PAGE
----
A frustrated former big-city journalist now stuck working for an Albuquerque newspaper exploits a story about a man trapped in a cave to rekindle his career, but the situation quickly escalates into an out-of-control circus.
When a ronin requesting seppuku at a feudal lord's palace is told of the brutal suicide of another ronin who previously visited, he reveals how their pasts are intertwined - and in doing so challenges the clan's integrity.
After opening a convent in the Himalayas, five nuns encounter conflict and tension - both with the natives and also within their own group - as they attempt to adapt to their remote, exotic surroundings.
Under the authoritarian rule of charismatic ballet impressario Boris Lermontov, his proteges realize the full promise of their talents, but at a price: utter devotion to their art and complete loyalty to Lermontov himself. Under his near-obsessive guidance, young ballerina Victoria Page is poised for superstardom, but earns Lermontov's scorn when she falls in love with Julian Craster, composer of "The Red Shoes," the ballet Lermontov is staging to showcase her talents. Vicky leaves the company and marries Craster, but still finds herself torn between Lermontov's demands and those of her heart.Written by
Paul Penna <email@example.com>
Anton Walbrook's character of Lermontov was generally thought to be based on ballet impresario Sergei Diaghilev, the man behind Vaslav Nijinsky. In 1913, after learning that Nijinsky had married his prima ballerina, Romola de Pulszky, Diaghilev fired them both from the Ballet Russes. In the film, Lermontov's constant firing of dancers who fall in love is a parallel of this. Michael Powell and Emeric Pressburger, however, were more inclined to say that Lermentov was a representation of their first main mentor, Alexander Korda. See more »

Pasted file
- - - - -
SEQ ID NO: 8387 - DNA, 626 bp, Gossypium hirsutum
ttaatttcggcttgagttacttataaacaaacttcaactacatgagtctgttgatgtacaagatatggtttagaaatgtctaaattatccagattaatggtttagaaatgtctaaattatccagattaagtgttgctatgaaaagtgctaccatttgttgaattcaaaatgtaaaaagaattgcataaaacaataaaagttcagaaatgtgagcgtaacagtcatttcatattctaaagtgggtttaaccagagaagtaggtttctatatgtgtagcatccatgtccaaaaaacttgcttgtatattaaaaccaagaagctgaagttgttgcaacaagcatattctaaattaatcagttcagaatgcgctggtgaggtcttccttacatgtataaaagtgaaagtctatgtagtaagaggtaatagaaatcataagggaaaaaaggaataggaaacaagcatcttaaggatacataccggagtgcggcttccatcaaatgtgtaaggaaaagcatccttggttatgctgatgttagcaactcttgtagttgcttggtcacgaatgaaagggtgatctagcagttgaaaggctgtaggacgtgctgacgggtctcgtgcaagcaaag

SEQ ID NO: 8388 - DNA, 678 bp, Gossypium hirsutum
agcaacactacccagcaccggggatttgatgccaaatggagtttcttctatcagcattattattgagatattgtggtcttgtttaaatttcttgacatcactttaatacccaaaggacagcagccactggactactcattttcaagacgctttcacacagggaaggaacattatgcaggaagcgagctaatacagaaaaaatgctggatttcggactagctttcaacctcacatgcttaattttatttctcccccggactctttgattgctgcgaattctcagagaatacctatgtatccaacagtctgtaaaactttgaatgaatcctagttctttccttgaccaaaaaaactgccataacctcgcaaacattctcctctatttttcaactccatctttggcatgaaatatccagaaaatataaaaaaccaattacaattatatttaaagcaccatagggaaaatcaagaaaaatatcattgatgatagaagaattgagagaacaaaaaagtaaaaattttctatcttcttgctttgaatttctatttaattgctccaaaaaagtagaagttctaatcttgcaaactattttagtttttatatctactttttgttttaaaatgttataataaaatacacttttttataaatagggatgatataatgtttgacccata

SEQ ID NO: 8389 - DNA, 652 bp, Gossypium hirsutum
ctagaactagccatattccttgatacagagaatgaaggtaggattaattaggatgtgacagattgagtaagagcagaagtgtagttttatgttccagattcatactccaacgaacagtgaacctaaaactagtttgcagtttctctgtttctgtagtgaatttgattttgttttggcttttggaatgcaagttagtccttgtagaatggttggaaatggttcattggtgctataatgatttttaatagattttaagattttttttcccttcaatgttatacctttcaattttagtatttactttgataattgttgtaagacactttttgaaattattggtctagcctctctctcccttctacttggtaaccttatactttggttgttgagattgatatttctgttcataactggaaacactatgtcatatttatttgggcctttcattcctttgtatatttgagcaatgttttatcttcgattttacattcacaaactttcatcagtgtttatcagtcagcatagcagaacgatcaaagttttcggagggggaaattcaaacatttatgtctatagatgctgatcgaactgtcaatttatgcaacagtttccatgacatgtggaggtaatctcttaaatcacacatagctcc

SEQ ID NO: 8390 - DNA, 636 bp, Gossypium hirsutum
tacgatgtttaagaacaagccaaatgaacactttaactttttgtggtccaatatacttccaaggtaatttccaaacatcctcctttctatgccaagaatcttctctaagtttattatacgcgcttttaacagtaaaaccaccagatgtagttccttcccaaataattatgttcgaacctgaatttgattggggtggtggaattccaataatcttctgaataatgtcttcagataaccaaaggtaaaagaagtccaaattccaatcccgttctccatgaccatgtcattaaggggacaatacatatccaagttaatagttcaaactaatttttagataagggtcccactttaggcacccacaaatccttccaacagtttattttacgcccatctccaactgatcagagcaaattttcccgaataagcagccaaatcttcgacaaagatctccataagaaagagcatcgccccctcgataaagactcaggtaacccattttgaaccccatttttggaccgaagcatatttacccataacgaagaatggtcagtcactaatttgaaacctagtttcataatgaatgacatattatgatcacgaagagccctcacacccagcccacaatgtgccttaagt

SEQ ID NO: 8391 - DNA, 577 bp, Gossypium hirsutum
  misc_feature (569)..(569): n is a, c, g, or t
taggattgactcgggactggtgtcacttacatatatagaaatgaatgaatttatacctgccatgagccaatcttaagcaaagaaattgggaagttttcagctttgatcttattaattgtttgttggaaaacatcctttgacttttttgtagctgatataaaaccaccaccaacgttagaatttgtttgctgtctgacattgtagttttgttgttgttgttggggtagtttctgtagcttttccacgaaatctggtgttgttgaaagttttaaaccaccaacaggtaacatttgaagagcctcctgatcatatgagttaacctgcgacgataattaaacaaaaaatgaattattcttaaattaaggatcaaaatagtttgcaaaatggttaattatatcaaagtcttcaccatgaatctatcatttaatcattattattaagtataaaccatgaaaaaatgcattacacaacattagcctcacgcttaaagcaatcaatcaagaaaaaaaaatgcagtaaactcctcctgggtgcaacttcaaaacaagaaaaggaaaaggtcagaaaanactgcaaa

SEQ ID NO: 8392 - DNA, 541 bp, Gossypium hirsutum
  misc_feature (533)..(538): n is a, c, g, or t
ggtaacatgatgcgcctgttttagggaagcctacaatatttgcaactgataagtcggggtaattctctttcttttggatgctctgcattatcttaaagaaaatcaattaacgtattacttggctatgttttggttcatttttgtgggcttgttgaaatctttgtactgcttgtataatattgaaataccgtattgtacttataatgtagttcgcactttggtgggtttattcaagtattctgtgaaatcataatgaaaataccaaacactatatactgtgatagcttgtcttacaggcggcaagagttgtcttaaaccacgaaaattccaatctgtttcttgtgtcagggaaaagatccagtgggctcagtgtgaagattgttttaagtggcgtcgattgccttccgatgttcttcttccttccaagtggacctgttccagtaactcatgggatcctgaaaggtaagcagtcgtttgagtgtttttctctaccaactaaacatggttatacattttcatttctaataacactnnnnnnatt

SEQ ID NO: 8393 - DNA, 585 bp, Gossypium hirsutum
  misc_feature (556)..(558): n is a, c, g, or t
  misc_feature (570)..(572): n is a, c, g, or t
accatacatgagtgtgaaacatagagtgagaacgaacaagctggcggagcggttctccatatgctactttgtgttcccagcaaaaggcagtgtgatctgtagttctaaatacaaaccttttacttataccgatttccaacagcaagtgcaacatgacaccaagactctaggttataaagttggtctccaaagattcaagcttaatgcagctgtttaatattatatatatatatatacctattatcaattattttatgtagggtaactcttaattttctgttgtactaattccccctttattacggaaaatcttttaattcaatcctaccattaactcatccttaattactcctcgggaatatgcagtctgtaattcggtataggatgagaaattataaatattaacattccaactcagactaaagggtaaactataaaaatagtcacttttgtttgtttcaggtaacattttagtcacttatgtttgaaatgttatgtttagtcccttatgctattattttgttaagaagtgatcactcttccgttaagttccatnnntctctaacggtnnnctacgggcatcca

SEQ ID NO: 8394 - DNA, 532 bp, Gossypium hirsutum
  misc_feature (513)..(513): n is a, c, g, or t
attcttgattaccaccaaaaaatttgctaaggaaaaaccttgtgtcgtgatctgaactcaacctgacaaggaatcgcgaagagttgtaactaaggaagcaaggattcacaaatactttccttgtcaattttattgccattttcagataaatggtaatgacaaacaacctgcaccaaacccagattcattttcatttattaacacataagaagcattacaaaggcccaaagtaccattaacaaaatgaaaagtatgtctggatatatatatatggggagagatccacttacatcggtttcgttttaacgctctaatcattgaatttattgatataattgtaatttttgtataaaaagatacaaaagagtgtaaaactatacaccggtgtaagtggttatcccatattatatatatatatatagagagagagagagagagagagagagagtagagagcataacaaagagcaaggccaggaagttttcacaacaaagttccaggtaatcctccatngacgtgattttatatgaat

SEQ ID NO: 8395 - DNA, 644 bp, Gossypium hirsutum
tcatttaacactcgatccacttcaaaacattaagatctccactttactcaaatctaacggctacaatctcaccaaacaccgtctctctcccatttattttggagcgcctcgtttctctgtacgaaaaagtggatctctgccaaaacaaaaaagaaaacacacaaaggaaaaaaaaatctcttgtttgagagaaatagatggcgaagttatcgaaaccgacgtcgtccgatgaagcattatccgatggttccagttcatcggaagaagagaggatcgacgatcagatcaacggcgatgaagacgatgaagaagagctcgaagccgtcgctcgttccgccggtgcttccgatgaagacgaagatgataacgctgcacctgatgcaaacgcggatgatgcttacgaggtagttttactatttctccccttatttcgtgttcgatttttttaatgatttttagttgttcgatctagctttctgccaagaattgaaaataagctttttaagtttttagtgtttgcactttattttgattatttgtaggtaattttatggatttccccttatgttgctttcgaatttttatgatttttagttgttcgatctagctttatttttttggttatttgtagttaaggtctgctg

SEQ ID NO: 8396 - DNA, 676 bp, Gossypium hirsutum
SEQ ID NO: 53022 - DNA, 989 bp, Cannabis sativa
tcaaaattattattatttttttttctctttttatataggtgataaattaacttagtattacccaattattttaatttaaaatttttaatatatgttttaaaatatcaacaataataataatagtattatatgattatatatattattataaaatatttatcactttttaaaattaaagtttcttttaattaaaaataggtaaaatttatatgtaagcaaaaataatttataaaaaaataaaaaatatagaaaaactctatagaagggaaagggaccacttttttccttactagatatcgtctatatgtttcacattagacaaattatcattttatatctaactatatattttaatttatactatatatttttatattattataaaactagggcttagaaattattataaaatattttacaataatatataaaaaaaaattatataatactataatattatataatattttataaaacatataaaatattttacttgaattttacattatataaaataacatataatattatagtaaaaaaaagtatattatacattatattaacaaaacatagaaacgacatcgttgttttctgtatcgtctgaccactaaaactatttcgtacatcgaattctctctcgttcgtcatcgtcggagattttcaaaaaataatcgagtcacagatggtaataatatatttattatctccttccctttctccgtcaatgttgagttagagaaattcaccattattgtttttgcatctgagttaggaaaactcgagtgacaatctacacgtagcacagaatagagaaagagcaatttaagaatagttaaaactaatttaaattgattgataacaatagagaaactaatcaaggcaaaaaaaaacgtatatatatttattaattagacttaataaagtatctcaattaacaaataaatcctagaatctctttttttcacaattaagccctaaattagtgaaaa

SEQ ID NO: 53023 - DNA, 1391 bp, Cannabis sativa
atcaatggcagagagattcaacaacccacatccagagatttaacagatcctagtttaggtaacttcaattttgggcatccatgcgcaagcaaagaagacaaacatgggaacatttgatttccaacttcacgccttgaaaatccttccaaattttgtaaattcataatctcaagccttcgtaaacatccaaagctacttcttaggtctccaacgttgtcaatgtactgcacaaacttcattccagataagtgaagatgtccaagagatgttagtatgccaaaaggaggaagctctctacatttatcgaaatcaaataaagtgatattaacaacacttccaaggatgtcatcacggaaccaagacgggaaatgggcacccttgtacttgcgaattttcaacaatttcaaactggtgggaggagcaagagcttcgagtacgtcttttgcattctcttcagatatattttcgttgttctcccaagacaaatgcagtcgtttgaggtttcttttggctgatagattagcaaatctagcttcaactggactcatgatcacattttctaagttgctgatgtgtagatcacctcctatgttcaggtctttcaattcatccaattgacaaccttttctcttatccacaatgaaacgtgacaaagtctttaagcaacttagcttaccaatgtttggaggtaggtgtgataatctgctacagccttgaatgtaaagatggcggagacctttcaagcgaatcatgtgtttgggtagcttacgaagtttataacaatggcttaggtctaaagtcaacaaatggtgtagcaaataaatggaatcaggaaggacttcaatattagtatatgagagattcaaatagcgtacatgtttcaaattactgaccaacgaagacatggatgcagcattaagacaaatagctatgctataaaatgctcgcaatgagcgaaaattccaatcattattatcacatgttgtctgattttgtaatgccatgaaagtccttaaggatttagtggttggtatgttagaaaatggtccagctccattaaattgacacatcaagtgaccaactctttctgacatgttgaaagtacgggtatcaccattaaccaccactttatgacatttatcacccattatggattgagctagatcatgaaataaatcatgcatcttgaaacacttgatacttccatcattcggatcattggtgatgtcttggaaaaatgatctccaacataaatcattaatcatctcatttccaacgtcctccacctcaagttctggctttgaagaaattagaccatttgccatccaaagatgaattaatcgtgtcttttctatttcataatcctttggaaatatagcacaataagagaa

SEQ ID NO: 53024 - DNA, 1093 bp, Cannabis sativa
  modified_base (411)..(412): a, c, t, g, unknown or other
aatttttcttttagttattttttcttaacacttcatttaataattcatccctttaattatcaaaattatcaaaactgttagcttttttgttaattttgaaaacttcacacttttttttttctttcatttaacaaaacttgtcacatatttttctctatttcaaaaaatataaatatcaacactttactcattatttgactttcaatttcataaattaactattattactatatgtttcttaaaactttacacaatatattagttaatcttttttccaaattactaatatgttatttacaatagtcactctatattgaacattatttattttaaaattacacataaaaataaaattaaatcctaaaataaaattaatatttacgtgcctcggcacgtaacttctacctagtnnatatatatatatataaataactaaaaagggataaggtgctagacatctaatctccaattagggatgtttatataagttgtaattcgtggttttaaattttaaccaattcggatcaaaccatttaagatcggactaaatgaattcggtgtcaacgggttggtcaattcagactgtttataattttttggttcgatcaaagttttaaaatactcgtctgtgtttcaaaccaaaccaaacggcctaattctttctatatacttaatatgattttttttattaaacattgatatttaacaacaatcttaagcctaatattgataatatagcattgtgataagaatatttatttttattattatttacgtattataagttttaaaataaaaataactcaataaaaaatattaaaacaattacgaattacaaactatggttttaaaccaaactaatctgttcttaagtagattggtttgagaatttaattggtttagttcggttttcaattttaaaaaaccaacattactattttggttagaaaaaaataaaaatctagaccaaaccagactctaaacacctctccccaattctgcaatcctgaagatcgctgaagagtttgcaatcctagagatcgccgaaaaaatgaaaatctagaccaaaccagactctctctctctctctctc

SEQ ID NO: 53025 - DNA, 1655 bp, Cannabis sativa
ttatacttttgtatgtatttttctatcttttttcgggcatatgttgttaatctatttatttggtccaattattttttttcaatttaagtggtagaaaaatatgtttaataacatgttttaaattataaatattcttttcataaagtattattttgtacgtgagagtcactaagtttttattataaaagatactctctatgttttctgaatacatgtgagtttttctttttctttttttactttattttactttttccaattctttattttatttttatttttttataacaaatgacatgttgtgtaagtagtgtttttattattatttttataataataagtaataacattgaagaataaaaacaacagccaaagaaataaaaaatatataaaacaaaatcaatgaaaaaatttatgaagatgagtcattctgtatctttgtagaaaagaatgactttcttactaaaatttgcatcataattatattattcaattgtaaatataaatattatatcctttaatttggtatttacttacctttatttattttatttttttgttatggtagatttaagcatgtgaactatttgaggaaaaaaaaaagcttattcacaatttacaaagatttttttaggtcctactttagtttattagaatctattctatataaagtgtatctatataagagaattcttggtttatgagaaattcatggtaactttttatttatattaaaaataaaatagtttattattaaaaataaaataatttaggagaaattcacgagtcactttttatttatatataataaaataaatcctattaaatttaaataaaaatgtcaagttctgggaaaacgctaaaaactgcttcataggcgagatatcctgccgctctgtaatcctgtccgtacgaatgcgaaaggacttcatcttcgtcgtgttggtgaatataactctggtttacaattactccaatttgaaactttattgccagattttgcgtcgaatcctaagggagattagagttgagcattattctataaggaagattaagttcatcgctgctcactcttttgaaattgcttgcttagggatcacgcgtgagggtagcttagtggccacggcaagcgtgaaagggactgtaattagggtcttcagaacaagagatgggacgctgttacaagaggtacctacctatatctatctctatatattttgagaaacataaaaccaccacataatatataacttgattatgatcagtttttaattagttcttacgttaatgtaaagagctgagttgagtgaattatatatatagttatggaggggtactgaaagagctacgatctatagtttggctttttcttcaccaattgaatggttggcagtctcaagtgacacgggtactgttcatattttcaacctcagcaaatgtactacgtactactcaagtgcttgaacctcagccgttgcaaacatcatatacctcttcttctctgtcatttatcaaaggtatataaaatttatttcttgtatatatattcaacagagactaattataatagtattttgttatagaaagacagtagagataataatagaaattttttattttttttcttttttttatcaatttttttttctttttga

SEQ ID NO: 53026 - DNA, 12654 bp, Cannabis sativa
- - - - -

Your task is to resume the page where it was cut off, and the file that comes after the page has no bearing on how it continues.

Just before Julian Craster begins to play the piano for the first time for Lermontov, the shadow of a boom mic can be seen moving into position, projected against the wall behind him. See more »
[holding doors closed]
They're going mad, sir. It's the students.
Down with tyrants!
Manager, Covent Garden:
All right, let them in.
See more »
The end of the film finishes with 'Finis' instead of 'The End'. See more »
A superb production, wonderful colour, but above all, superbly directed.
The performances are terrific (with only the odd unusual line delivery, partly due to english being many of the actors' second language, and partly due to the fact that all of the main dancing characters, are not professional actors at all, but dancers - including Moira Shearer, Australia's Robert Helpmann, Leonida Massine and Ludmilla Tcherina - which fact considering, they do marvellous jobs).
The story's passion for ballet and music comes across to the audience, and the story is compelling and fascinating, due to the way it is told. Moira Shearer, in a career-defining role, has a wonderful presence as the young dancer Victoria Page, who becomes a star of the Lermontov Ballet Company, and dances the lead in the ballet The Red Shoes. But Anton Walbrook is truly terrific as Lemontov. One particular moment i was very impressed with was when he begins to write a letter to Victoria, and there is a closeup of his face, and on his face we can read the emotions of his letter in a very subtle way. A marvellous scene. He has a germanic cold stare in this part which really brings it to life - the character of Lemontov is entirely in his eyes.
The score is fantastic, particularly the original ballet of the red shoes itself, composed for the film by Brian Easdale. The film has such a wonderful look partly due to the fact that its production designer was a painter, Hein Heckroth.
But the element which really makes this movie great is how superbly it is directed. With glorious use of colour, it is directed in a smooth, impeccable style in the manner of Renoir - except here each frame poses not as a painting, but as a moment from a ballet.
A wonderful film to watch.
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